Willamette Valley/Metro – With the season’s first flood event at hand, anglers will be anxious to try their hands at Steelheading in the “Metro Two,” otherwise known as the Clackamas and Sandy Rivers. Both rivers jumped to flood stage but will recede to questionable levels by the weekend. Regardless, any staging steelhead should be entering both of these systems, but despite improving water conditions, it’s still early for the bulk of these fish to return this early in the season.
Pro guide Jeff Stoeger (503-704-7920) of O2BFISHN Guide Service reports “The Sandy is high and little muddy. The forecast is for the river to drop and possibly be fishable by the weekend. It will depend on how much rain we get and if the freezing level drops below 3000ft. I was informed that early in the week before the river blew up that there was confirmed a nice native winter that was in low teens had been caught and released.”
Both systems have integrated more wild fish into the hatchery broodstock, more mimicking the wild return, which starts in earnest around mid-February. Anglers shouldn’t expect good fishing until at least mid-January, but since a fair number of wild and some hatchery fish have already been caught on the Clackamas, when flows subside, fish will be around.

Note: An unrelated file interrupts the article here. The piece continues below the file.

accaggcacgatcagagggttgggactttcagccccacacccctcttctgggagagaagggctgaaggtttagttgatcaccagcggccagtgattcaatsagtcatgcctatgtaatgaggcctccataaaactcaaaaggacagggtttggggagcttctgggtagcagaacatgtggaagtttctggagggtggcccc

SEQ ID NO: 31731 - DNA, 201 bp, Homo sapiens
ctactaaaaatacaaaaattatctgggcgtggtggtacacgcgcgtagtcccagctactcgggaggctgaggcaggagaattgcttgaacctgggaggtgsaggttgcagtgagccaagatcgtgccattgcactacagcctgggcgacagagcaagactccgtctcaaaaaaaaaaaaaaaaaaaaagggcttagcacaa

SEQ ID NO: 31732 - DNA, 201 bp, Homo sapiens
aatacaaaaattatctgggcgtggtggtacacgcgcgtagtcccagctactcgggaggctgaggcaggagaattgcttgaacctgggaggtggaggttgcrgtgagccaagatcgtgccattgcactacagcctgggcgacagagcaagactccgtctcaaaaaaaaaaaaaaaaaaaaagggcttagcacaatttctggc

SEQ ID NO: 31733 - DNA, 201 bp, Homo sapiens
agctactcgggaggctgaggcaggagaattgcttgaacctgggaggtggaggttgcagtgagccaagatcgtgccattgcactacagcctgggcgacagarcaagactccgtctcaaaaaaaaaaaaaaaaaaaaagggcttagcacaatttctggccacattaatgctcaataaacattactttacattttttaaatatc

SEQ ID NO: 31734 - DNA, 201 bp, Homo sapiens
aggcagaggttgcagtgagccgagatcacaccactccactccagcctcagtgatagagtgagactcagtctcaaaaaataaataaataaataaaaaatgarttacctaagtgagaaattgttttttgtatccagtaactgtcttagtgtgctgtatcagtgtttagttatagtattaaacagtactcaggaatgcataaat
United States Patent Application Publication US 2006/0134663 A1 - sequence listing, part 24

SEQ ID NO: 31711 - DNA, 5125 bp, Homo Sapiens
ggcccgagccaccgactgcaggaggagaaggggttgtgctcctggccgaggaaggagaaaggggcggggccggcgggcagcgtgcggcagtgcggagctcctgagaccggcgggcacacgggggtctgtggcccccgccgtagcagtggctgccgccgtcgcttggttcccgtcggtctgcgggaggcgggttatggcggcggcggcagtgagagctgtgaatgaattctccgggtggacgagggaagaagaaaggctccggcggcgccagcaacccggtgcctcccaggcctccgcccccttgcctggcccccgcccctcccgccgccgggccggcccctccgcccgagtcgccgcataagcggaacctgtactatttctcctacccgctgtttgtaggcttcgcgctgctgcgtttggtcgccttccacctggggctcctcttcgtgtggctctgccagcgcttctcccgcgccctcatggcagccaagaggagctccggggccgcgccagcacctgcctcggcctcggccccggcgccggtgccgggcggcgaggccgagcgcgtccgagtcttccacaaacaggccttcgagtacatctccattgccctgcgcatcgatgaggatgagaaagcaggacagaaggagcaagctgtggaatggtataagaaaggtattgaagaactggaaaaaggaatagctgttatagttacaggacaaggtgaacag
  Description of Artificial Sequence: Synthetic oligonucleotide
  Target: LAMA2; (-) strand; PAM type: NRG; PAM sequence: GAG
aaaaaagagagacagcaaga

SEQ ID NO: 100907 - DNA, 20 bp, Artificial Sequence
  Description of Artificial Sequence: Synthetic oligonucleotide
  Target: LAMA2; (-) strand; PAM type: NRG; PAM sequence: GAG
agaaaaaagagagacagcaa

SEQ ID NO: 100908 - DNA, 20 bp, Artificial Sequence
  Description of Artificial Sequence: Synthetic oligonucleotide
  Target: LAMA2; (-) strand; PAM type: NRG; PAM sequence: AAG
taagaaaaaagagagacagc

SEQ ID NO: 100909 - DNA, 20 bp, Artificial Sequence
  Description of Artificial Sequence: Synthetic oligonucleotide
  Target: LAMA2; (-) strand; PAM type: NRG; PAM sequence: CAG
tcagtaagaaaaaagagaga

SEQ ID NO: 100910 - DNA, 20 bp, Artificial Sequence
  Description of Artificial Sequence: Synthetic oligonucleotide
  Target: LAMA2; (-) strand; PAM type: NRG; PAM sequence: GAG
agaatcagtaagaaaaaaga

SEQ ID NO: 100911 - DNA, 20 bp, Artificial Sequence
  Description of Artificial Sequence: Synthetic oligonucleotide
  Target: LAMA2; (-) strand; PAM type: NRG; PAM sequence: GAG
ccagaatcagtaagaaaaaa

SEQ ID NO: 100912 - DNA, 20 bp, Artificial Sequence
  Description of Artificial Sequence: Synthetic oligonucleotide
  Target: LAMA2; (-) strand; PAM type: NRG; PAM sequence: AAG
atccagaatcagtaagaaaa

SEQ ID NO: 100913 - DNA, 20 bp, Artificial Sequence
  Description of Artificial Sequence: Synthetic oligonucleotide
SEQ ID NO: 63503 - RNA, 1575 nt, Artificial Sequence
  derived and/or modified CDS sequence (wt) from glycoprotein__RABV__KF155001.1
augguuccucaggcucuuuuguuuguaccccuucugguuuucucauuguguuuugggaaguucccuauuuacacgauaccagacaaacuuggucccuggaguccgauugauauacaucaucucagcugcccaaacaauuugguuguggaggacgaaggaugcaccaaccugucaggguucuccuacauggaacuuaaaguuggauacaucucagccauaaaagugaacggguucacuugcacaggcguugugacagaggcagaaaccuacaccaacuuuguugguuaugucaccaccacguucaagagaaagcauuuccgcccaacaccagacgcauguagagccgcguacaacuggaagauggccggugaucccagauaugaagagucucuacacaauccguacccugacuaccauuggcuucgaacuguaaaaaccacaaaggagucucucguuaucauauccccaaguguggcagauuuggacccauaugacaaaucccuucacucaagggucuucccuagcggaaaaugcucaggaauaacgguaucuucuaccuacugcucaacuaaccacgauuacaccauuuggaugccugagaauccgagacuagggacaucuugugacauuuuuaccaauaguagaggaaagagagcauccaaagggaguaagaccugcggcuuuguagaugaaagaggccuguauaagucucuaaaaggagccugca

The Willamette River will be up and turbid for the foreseeable future but plunkers working Meldrum Bar won’t have a fair crack until next week at the earliest. Boaters should be aware of floating debris coming from upstream areas following this high water event. That shouldn’t impact sturgeon fishing in the Portland Harbor when it’s safe to boat again however.
A pile of trophy trout will be stocked in local area lakes like Huddleston Pond and lakes around Corvallis. These bodies of water may be the only bodies of water with any visibility over the weekend and trout to 8 or 9 pounds make for good prospects for those that can tolerate the weather. Check the ODF&W stocking tab from their web site if you plan on heading out.